Harvard Distributes ‘Holiday Placemat for Social Justice,’ Ends Up Apologizing
Harvard apologized this week after people complained about the social justice placemats the College’s Office for Equity, Diversity, and Inclusion passed out.
The placemat provides “tips for talking to families” so you can explain 1) why black students aren’t “complaining,” they’re protesting at colleges for safe environments, 2) why the U.S. should take in Syrian refugees, 2) why Harvard changed the house “master” title, and 4) why white people don’t get the same treatment as black people do by the police.
Now, that struck many people as liberal coddling, and a Harvard Crimson column argues that the diversity office should be addressing such issues “in a less shallow and simplistic manner.”
The handout shamefully parallels a similar tendency among activists to conflate well-meaning people who have the audacity to hold contrary opinions with racists and demagogues. Either you toe the party line, or your justifications don’t matter because you are too white, too male, or too privileged in some other way. Opponents of Yale activism are portrayed as racist, and those with concerns about Syrian refugees are painted as Islamophobic.
Even for those of us who agree with the handout on all its issues, this is an area for concern. There must be debate on these issues, at Harvard’s tables and in our homes. Presenting unglorified talking points not only wrongly attempts to stifle debate, but also stands in stark contradiction to the mission of the College to transform students “with exposure to new ideas, new ways of understanding, and new ways of knowing.”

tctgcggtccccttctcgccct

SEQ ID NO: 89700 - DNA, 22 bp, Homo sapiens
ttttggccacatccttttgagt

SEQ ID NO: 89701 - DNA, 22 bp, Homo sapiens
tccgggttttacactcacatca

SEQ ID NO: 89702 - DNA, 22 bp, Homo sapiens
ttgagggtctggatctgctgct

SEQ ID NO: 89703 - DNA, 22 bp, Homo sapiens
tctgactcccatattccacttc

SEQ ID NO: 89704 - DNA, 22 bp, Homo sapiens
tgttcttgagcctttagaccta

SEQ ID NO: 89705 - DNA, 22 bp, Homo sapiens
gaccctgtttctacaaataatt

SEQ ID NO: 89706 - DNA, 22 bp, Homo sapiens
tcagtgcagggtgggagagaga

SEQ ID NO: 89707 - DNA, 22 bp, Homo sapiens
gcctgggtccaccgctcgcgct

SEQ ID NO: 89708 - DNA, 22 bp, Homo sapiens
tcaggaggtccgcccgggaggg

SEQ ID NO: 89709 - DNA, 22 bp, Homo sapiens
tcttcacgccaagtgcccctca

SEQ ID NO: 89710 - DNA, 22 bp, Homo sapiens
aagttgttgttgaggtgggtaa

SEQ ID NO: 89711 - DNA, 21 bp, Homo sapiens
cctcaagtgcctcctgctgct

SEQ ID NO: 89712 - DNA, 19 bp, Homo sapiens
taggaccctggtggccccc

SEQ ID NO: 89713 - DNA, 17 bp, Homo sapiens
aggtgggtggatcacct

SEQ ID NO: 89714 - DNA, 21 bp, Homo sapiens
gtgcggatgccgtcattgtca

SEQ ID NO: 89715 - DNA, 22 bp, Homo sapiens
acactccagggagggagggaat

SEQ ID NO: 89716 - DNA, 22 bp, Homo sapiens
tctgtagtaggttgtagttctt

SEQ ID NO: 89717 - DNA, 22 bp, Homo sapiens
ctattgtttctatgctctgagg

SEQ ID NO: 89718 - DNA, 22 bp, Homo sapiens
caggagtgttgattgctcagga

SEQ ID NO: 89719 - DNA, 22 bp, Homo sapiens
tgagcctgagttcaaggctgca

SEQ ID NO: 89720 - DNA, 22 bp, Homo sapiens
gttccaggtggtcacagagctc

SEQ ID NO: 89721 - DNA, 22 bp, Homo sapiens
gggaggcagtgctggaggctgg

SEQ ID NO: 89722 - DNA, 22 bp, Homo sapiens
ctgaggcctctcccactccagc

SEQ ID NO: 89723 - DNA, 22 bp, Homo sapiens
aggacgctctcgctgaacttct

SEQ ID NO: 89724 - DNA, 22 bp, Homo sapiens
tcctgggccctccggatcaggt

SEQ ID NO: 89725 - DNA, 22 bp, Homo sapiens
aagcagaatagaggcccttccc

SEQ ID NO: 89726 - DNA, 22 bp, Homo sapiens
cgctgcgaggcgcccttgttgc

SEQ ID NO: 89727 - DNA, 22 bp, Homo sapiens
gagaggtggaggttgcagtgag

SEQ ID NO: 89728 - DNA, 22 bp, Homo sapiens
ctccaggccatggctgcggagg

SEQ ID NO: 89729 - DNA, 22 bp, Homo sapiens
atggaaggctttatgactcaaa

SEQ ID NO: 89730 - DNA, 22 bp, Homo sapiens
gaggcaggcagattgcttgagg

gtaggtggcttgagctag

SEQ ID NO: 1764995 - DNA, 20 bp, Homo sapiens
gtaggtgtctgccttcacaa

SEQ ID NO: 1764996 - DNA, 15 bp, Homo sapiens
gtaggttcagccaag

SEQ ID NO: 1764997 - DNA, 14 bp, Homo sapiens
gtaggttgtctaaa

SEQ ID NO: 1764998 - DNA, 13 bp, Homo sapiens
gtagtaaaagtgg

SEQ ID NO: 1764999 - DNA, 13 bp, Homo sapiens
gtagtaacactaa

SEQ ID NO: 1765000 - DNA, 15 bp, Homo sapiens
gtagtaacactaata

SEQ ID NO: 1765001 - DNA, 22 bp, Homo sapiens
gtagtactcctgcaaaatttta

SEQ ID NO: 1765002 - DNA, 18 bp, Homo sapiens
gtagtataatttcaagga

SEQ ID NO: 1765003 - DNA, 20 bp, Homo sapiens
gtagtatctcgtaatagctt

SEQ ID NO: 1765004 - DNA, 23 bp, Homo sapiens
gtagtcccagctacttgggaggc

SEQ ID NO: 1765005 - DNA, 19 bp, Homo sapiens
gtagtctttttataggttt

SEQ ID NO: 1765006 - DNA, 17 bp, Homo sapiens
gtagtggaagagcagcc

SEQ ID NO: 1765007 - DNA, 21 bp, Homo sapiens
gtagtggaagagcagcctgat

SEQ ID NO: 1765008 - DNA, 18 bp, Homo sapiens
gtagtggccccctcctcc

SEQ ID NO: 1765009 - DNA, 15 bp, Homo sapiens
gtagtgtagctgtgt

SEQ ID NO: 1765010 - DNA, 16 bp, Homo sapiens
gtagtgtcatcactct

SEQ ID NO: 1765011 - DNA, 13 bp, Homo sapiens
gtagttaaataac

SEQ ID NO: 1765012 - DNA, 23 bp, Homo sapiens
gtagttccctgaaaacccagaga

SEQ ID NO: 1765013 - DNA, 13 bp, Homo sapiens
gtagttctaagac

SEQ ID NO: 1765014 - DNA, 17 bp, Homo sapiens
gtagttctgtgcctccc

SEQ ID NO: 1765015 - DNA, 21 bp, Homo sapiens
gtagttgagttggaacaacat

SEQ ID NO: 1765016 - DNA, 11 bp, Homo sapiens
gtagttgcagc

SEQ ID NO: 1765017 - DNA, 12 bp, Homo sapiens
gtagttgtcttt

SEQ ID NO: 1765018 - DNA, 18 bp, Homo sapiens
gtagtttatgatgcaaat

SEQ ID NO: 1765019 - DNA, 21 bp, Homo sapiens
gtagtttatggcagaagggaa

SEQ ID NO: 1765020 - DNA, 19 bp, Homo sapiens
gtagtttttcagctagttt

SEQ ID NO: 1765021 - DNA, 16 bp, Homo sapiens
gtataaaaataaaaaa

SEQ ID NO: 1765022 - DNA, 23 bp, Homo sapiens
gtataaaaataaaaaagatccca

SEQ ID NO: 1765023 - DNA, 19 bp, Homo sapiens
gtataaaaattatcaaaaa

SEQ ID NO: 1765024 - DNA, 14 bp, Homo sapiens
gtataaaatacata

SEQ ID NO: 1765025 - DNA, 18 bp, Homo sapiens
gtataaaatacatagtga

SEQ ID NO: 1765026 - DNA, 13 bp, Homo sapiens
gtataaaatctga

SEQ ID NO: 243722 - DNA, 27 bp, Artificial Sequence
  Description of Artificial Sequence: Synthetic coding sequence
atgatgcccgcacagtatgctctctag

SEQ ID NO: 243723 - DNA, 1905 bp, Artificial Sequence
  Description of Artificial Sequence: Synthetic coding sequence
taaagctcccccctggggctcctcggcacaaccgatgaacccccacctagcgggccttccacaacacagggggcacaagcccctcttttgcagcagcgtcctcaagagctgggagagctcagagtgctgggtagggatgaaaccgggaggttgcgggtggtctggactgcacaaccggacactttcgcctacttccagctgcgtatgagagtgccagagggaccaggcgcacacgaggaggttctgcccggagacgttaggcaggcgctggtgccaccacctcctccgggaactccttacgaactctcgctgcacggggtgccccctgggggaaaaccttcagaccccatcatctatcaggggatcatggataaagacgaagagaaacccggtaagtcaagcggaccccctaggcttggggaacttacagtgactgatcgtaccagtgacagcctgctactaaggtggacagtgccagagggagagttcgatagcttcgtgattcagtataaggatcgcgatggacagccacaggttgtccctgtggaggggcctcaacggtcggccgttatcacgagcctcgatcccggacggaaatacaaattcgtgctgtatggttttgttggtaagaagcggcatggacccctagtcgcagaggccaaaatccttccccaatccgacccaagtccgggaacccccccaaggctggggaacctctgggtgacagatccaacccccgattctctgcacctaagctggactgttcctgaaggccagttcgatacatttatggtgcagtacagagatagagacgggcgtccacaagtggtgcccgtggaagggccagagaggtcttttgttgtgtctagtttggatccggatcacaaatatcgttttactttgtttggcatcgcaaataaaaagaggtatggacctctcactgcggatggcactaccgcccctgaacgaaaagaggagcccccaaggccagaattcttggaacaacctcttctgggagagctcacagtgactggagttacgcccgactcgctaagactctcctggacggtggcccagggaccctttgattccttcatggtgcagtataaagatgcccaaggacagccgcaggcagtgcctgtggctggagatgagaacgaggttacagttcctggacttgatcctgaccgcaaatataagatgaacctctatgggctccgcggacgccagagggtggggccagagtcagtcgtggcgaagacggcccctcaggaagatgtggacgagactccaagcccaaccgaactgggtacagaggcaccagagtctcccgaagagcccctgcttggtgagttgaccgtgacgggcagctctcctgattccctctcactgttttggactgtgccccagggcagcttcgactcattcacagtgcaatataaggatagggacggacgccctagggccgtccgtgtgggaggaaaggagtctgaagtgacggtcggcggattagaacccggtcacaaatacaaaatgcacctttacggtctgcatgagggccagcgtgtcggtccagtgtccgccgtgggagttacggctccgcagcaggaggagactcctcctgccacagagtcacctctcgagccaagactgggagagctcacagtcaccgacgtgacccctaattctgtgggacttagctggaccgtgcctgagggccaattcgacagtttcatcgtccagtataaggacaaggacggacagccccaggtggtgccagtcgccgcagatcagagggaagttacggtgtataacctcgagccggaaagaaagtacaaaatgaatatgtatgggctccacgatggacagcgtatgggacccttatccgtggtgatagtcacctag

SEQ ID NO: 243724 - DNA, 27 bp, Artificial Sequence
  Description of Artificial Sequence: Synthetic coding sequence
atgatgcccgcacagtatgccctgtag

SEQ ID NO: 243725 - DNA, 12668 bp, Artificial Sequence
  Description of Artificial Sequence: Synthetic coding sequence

And apparently the placemats got such blowback that Harvard had to issue a statement apologizing:
We write to acknowledge that the placemat distributed in some of your dining halls this week failed to account for the many viewpoints that exist on our campus on some of the most complex issues we confront as a community and society today. Our goal was to provide a framework for you to engage in conversations with peers and family members as you return home for the winter break, however, it was not effectively presented and it ultimately caused confusion in our community… Academic freedom is central to all that Harvard College stands for. To suggest that there is only one point of view on each of these issues runs counter to our educational goals.
[h/t Campus Reform]
[image via screengrab]
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